Everyone in Vaysechvoos knew Malkah. It seemed that she was everywhere, all the time. There was never a wedding, a bar mitzvah, a funeral, a yom tov–any event that was celebrated–which Malkah failed to attend.
If you looked at her, you would notice nothing unusual; she appeared ordinary. Yet there was something extraordinary about her. And while people in Vaysechvoos lived to learn and tell their discoveries about other people, there didn’t seem to be the slightest bit of curiosity about Malkah. No one ever asked where she lived or if she was married or a widow. Chaike the Matchmaker never talked to Malkah about making a match. No one could recall Malkah buying clothes for herself or, for that matter, washing her own clothes. Everyone knew that Malkah was from Vaysechvoos, but no one seemed to recall her being born or meeting any of the members of her family. She just always seemed to be there. And things were always more pleasant when Malkah was there.
At weddings and celebrations, she was cheerful and giving. She always brought sweets. Older people especially felt comfortable around her. She seemed to have the wisdom of years without the difficulties of agedness. She was the very picture of health and was constantly helpful. If a mother was sick, she would come and cook the meals and wash the clothes and take care of the household.
While she had hands that were always ready to help, she also said a lot with a smile. She didn’t engage in the usual gossip–not Malkah. If someone would cite the misfortune of a neighbor, Malkah would nod a little bit and say, The Almighty knows all about it.” And then she would smile and that smile would spread through the group as others would nod with approval of her wisdom.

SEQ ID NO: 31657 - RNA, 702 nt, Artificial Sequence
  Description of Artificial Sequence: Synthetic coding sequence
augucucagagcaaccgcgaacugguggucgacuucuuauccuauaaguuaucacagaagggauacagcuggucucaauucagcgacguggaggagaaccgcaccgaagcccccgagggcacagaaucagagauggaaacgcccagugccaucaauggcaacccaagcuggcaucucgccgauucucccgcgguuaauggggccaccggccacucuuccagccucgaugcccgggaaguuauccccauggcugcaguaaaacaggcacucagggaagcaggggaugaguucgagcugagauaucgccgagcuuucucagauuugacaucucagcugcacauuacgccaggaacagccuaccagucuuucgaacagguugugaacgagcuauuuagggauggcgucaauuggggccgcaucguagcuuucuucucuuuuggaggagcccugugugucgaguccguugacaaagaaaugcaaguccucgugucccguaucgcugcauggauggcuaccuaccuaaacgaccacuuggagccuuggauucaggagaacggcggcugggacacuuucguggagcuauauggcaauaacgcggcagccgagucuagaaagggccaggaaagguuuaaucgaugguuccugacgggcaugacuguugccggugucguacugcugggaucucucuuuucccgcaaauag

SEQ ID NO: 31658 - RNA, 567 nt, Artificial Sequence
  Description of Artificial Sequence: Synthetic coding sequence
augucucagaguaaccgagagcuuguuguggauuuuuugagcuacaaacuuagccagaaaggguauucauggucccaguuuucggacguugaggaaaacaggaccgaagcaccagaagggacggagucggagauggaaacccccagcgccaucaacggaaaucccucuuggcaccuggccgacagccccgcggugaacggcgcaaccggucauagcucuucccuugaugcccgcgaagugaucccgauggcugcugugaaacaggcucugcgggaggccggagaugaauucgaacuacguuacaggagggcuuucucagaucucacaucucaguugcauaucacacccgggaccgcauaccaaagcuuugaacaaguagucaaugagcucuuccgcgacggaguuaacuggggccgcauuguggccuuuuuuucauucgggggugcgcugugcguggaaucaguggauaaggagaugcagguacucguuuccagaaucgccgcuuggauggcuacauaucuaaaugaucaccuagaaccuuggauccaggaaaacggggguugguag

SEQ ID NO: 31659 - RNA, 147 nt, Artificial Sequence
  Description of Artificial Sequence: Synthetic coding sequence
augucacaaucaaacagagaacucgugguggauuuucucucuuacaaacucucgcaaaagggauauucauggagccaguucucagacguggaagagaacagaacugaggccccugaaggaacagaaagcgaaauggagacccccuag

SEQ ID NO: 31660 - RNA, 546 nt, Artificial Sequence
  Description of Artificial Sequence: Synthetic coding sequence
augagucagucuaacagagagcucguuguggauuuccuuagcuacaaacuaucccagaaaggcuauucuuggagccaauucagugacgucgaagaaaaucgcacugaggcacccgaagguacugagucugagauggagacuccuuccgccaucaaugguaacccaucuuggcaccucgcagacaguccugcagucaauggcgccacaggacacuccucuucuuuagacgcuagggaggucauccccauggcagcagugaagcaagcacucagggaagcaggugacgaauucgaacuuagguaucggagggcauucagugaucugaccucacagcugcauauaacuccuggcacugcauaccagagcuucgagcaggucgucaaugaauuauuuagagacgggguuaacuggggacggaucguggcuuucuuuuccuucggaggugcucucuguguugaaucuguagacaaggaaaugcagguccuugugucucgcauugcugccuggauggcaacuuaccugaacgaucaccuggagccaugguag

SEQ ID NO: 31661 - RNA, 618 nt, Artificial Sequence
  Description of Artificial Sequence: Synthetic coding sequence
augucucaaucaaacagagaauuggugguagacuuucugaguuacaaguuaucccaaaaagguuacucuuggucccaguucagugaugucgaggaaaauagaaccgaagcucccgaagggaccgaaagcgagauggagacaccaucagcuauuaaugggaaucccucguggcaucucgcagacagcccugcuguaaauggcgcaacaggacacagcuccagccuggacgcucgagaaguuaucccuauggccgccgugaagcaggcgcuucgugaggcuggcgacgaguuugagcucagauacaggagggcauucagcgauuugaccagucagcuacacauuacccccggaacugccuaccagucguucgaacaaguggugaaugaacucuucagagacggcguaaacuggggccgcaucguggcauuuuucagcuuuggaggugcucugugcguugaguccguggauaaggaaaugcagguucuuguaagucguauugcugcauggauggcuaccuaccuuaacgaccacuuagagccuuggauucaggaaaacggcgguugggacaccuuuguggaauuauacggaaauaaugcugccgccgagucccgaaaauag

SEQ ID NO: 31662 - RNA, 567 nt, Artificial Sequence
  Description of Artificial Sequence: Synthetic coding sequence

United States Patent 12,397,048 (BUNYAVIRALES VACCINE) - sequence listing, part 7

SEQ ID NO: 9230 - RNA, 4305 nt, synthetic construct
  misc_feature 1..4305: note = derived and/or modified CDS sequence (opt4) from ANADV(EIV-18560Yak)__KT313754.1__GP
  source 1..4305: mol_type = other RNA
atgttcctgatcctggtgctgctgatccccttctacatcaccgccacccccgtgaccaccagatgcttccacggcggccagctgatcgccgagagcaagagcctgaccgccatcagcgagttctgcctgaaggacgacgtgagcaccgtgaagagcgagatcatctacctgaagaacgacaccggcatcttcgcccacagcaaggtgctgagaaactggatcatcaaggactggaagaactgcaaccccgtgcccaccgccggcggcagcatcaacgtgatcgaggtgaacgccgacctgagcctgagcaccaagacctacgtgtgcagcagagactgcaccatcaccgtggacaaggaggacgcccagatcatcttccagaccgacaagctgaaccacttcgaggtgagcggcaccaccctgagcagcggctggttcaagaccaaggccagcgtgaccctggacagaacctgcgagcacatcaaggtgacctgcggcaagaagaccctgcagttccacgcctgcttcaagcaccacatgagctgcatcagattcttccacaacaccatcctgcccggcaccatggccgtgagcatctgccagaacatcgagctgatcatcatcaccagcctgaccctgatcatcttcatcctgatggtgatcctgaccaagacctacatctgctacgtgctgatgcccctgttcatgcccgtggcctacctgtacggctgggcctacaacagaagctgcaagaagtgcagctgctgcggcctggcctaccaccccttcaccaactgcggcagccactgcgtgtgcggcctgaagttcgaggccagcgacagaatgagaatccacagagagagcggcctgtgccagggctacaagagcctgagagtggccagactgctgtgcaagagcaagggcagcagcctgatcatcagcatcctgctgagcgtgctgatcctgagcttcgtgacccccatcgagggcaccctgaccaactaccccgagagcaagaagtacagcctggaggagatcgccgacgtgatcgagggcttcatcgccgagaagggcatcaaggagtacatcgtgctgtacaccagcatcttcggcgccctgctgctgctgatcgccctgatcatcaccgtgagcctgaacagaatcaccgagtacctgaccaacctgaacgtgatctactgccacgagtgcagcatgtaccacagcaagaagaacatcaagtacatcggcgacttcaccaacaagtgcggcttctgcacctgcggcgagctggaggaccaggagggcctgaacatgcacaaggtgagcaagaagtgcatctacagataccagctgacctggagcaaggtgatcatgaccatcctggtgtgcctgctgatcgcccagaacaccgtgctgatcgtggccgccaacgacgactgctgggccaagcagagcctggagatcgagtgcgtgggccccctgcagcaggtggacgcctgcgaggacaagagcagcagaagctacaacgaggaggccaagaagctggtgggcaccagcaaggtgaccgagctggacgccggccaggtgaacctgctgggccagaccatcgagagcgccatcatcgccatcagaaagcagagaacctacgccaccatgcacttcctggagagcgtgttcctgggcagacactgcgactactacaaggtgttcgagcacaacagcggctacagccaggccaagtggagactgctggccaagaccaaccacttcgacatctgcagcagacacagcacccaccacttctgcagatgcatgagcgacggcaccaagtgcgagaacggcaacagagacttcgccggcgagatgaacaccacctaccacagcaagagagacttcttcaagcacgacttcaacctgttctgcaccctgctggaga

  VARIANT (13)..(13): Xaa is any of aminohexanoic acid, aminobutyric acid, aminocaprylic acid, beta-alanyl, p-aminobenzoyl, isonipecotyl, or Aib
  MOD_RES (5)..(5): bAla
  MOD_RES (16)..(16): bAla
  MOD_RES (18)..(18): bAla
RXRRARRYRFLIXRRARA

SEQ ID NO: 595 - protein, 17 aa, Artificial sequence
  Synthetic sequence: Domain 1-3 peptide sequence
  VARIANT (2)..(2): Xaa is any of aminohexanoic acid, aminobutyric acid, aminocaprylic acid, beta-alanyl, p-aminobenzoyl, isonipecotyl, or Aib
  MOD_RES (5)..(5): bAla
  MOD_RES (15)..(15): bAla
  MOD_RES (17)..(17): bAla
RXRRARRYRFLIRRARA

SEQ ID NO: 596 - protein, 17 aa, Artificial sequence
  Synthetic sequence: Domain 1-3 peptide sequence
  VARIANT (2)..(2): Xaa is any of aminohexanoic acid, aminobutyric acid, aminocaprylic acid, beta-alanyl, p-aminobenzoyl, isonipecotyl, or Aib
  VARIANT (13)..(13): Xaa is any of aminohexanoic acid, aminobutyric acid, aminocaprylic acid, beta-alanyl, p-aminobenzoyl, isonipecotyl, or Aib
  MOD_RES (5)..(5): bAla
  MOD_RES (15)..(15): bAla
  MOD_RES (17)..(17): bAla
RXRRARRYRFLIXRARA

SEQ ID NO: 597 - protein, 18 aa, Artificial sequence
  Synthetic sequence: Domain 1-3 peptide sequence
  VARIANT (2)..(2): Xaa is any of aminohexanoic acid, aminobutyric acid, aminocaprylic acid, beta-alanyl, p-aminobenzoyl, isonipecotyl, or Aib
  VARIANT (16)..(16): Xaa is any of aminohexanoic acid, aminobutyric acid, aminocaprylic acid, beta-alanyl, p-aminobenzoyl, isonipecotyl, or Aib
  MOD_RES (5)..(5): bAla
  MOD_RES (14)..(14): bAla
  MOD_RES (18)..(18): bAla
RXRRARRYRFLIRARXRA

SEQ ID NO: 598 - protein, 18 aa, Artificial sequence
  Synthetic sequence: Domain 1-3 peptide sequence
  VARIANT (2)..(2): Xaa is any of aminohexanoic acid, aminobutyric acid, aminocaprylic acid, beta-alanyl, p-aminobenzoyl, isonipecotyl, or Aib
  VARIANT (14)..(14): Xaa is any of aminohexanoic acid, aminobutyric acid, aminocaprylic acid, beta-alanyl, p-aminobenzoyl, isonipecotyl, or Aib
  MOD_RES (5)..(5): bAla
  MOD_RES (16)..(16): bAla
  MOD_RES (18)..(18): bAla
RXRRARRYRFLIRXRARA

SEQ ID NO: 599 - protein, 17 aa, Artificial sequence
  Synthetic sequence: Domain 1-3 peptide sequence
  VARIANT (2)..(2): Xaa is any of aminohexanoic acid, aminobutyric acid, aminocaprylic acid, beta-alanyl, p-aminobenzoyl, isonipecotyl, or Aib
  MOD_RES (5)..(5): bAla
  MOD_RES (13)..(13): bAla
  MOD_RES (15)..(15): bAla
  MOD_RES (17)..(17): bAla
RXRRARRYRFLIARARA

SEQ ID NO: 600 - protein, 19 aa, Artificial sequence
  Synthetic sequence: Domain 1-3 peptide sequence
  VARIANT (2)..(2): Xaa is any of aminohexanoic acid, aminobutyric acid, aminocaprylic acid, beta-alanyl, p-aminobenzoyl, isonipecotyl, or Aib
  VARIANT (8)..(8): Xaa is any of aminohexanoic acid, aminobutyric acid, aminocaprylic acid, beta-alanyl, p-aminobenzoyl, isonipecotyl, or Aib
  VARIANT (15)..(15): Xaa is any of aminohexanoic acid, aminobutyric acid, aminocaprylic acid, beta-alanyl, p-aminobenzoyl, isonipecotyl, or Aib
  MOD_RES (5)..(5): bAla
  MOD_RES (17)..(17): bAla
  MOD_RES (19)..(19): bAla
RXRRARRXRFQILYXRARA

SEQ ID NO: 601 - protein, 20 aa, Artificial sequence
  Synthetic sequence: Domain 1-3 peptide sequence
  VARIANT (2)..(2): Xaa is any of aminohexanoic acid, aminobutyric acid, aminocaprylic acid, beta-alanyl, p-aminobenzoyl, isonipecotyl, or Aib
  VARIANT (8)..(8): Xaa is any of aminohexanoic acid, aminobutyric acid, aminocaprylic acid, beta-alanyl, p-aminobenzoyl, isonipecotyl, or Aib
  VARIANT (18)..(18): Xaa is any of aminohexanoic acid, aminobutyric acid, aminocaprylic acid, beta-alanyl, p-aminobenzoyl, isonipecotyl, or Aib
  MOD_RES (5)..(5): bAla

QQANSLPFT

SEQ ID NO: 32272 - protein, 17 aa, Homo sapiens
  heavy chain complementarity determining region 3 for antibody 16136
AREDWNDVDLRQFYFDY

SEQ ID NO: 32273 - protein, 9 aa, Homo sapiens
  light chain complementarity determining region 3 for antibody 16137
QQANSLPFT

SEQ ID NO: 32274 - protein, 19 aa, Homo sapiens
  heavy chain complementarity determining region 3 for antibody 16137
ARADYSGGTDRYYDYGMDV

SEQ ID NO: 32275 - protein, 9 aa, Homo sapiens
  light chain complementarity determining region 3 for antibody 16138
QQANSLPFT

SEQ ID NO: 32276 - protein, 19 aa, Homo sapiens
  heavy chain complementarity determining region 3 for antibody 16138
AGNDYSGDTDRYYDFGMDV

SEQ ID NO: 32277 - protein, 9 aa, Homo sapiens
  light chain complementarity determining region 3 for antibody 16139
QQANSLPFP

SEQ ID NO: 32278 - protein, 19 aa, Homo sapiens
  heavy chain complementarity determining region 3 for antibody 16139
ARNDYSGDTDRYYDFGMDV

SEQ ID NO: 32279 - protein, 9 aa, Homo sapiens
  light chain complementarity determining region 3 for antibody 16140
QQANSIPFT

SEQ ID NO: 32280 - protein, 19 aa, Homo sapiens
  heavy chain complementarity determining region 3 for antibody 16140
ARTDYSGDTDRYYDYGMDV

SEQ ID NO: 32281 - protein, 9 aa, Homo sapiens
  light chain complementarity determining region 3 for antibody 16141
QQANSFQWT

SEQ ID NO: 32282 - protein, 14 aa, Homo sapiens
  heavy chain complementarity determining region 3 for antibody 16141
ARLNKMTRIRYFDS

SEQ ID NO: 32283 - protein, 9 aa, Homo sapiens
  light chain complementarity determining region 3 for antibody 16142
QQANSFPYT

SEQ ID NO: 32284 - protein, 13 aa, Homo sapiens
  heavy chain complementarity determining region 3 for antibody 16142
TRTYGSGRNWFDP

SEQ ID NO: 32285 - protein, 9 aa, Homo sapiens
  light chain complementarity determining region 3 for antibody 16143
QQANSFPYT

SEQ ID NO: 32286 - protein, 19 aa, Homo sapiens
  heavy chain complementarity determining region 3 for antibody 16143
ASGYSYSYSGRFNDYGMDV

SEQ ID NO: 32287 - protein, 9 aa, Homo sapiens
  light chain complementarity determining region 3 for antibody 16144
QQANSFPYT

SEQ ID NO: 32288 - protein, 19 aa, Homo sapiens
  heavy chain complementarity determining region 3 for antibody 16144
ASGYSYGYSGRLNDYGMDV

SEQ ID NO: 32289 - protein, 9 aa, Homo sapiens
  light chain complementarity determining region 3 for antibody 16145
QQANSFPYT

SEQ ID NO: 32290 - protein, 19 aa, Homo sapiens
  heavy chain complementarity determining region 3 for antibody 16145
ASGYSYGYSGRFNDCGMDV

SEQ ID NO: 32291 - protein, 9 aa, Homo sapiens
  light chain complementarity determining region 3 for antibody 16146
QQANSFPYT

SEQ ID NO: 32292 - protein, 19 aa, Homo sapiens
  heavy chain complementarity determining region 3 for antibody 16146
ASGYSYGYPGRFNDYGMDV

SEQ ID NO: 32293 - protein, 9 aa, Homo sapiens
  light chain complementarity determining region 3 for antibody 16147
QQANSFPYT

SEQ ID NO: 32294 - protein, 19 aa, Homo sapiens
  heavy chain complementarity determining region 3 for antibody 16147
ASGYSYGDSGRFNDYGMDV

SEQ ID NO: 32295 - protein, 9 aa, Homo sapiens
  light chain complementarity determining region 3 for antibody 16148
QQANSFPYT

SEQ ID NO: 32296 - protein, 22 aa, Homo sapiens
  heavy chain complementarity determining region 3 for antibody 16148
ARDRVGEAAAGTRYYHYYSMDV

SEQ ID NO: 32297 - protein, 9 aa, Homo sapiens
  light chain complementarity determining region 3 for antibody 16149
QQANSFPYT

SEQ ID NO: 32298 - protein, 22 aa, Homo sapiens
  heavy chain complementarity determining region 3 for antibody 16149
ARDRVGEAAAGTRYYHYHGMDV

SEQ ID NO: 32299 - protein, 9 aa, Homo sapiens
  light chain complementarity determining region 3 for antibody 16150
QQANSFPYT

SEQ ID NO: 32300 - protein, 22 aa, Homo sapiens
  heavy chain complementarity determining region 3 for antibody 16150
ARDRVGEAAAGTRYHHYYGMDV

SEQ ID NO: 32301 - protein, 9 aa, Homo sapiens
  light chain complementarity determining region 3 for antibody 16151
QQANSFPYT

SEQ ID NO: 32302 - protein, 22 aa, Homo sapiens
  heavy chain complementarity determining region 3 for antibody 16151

When someone was concerned or worried about the weather, the poor crops, the lame horse, the sick cow, Malkah would nod and say, “Heaven will provide,” and she would smile, and everyone else smiled knowing that was exactly true.
For the sick and the dying, Malkah had special care. She would go and sit by the sick bed of the ailing one and soothe their pains with songs that sounded like lullabies. Most of the people of Vaysechvoos died with smiles on their faces–at least those that Malkah was seen to attend.
The pious sage of Vaysechvoos knew more than the others about this curious woman. He would see Malkah and nod and give a small smile acknowledging her presence. For he was the only one in all of Vaysechvoos who truly recognized who she was. She was the Guardian Angel of Vaysechvoos–whom the Almighty sent as a comforter to the community.